Tuesday, August 16, 2005

No Indignation Like The Indignation of a Whore

I got excited about a tiny publisher known as Fugue State Press. Their website eschews giving formal submission guidelines, preferring to paint an impressionistic picture of what the editor is looking for:

We'd love to see a book that's like an artifact, elemental, less like storytelling literature, more like dirt or air.

OK, that's a little vague, though certainly colorful. I don't know of any books that are like dirt, other than when I worked in Classic Books in the basement of the World Trade Center and we sold the book from the WGBH TV series "Victory Garden." I remember a college professor who once said a really great novel was like getting a wound that you carried around for days or weeks, so instinctively I responded to this description, especially the next sentence:

We often enjoy prose that's broken, writing in which the flaws are obvious and grow out of emotional necessity. Writing that's clearly different because its author is different.

Well, shit fire and save matches! as my mother says. What writer doesn't think they're different? And one of the criticisms of Beyond You & Me has been the sometimes imperfect prose of its narrator. Cassie's wracked with agony about the break-up of her relationship with her lover, S. So naturally her prose is often stressed and imperfect, occasionally boiling over into brokenness.

Well, I fired off a query to the publisher, but was turned down flat. Seems the subject matter is about sex, and he's anti-sex. Not anti-sex like Christian evangelicals, but anti-sex in our culture. Feels it's something that he doesn't like and doesn't want in the books he publishes. He wrote me two very lovely emails that compared what I'm doing to Laurence Durrell, D. H. Lawrence, Henry Miller, and of course, the previously reviled Anais Nin. He's ambivalent at best about "a kind of decadent sexual obsession [being] the basis of a lot of the great literature of the last century. (not, again, to stupidly pigeonhole your work.) It's certainly what drives Prakash Kona in his 'streets that smell of dying roses.' It's just the reality quotient that's different."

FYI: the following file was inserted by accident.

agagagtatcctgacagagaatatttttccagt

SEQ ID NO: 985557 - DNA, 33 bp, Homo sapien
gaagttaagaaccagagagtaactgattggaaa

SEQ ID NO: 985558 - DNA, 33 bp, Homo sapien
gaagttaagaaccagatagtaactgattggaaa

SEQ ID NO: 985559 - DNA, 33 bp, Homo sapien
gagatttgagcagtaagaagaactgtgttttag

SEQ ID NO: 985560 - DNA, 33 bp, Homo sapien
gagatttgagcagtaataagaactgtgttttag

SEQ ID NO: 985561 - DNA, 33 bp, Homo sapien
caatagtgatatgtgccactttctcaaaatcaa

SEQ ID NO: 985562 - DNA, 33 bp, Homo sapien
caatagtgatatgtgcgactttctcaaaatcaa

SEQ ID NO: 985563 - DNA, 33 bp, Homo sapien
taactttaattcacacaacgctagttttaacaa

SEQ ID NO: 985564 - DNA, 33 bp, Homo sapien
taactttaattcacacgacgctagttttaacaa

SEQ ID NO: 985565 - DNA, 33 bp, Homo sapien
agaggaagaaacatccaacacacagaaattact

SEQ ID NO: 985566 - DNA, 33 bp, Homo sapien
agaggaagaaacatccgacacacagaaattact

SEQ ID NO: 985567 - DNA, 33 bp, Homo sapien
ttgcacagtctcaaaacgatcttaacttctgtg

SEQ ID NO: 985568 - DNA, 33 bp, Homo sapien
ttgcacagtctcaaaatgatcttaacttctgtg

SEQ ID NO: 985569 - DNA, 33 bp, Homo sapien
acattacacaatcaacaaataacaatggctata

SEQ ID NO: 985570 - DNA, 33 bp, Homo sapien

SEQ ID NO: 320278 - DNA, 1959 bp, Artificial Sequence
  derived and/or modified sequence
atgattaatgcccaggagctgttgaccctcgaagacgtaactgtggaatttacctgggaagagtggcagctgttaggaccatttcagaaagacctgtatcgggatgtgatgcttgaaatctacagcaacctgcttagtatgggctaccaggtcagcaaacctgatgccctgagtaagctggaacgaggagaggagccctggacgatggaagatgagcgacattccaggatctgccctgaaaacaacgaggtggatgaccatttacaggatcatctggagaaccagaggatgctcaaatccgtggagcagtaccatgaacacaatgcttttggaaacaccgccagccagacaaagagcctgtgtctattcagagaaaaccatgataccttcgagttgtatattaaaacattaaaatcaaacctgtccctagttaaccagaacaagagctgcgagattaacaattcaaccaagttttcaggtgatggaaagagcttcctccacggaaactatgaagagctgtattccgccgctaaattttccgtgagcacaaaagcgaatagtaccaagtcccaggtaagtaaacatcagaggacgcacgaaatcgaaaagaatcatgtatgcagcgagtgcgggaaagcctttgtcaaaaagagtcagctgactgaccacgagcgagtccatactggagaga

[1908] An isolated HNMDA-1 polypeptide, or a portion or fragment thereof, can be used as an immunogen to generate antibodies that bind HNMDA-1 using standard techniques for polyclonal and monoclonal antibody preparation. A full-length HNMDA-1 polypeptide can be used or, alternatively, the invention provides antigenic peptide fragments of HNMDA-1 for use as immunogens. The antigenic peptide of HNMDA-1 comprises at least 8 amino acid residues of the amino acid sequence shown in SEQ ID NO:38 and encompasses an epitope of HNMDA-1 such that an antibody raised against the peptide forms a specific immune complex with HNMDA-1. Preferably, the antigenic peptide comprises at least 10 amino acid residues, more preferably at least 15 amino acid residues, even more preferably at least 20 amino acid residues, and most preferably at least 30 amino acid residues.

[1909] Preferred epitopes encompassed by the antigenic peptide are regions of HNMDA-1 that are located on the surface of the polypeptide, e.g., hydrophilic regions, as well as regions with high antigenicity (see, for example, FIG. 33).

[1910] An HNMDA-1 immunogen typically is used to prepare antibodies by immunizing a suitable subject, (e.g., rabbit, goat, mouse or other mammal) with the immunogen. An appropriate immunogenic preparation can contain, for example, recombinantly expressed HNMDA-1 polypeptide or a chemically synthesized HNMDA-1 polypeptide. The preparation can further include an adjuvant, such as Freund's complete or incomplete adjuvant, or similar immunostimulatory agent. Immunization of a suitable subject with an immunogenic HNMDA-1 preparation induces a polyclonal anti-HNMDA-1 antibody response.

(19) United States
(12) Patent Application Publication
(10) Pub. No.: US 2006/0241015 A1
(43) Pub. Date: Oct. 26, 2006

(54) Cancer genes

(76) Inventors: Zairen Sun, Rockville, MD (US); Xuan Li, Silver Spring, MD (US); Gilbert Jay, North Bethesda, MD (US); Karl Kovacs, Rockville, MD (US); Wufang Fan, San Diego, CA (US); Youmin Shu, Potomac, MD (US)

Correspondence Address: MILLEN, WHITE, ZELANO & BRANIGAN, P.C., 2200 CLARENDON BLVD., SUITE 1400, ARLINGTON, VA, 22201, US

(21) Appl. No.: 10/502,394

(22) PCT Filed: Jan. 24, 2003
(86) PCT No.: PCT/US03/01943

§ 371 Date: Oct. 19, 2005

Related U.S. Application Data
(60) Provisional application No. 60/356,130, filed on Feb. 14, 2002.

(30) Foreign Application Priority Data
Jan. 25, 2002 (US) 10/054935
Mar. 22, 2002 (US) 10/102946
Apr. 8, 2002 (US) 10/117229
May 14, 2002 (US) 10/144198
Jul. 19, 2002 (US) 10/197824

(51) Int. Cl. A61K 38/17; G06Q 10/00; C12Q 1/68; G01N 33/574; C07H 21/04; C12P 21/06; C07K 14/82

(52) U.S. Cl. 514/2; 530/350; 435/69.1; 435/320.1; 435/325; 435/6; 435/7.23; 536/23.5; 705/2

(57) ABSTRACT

Great company to be in, though I don't know what a "reality quotient" is, and I've never read Prakash Kona. Still, I was flattered the editor went on to say he's not putting down my work. He could've just said "it stinks, go away." Is "sexual obsession" the proper description for those four writers (and by extension, me)? Durrell's work (particularly "The Alexandria Quartet" series of novels) does concern people who might be described as "decadent." Jews, Greeks, half-castes, expatriots living in Alexandria, Egypt before Nassar came to power and expelled them, destroying what some have described as a wonderfully tolerant and erudite culture. But obsession? Hmmm. Yes, there is a lot of coupling in various forms.

D. H. Lawrence did by the end of his life become identified with a cult of sexuality, especially after the publication of his scandalous Lady Chatterly's Lover. Women in Love and The Fox are also concerned with erotic relationships. But there's precious little explicit sex in either (more innuendo than anything). No, the emphasis is on "relationship" and power struggles, as in the Sapphic overtones of the trio whose interactions are described in the novella-length The Fox.

Miller and Nin are more markedly focused on sex, but not for sex's sake. Both viewed sexual expression and a way of freeing the soul from the restraints of social convention. But their "obsession" seems no more odd or remarkable than Philip Roth's or John Updike's. Isn't much of Western fiction about the struggles between men and women? And isn't the bedroom one of the battlefields that up until the 20th Century was largely off-limits to storytellers?

Still, his comments made me wonder if the acceptance of Beyond You & Me in the erotica community is obscuring other aspects of the novel? Remember, I never thought of myself as writing erotica, just literary fiction with good sex scenes. So there's a risk, one I'm aware of, that erotica will become smut or even pornography to some agents and/or editors.

To make my confusion more pronounced, there was the negative reaction of a fellow web denizen when I wrote what she decided was an insufficiently laudatory review of her website. "You never said anywhere that you liked it," she complained. Well, I sort of thought mentioning it favorably was enough.

Seems like there's no easy balance between sex and seriousness.


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